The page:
Optical coupling plays a pivotal role in nanophotonic systems, which can be divided into weak, intermediate, and strong-coupling regimes. Monitoring optical coupling strength is, therefore, the key to understanding light–matter interactions. State-of-the-art approaches based on spectral measurements offer the power to quantify and characterize optical coupling strength at a single cavity level. However, it remains challenging to dynamically characterize coupling strength during the transition from strong- to weak-coupling regimes for many systems simultaneously. Here, a far-field imaging technique is reported that can directly monitor optical coupling dynamics in plasmon–exciton systems, allowing multiple nanocavity emissions to be characterized from weak- to strong-coupling regimes. Light-harvesting biomolecules—chlorophyll-a—is employed to study dynamic light–matter interactions in strongly coupled plasmonic nanocavities. Identification of coupling strength is achieved by extracting red, green, and blue (RGB) values from dark-field images and an enhancement factor from fluorescence images. Lastly, the ability to monitor subtle changes of coupling dynamics in bioplasmonic nanocavity is demonstrated. These findings may deepen the understanding in light–matter interactions, paving new avenues toward applications in quantum-based biosensing and imaging.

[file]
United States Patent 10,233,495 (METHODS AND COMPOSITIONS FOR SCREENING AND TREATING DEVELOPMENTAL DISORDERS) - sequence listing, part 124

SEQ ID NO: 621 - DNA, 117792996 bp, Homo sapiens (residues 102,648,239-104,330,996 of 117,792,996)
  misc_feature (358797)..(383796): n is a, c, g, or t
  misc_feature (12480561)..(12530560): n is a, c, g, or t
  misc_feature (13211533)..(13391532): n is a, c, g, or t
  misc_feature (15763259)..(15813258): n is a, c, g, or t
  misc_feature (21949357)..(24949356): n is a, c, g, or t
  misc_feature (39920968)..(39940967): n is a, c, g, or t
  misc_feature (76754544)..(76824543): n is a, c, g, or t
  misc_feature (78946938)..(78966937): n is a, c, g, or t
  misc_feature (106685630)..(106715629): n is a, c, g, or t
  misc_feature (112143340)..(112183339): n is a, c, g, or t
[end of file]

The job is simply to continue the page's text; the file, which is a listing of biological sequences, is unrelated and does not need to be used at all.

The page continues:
All Science Journal Classification (ASJC) codes
- Electronic, Optical and Magnetic Materials
- Atomic and Molecular Physics, and Optics
- Condensed Matter Physics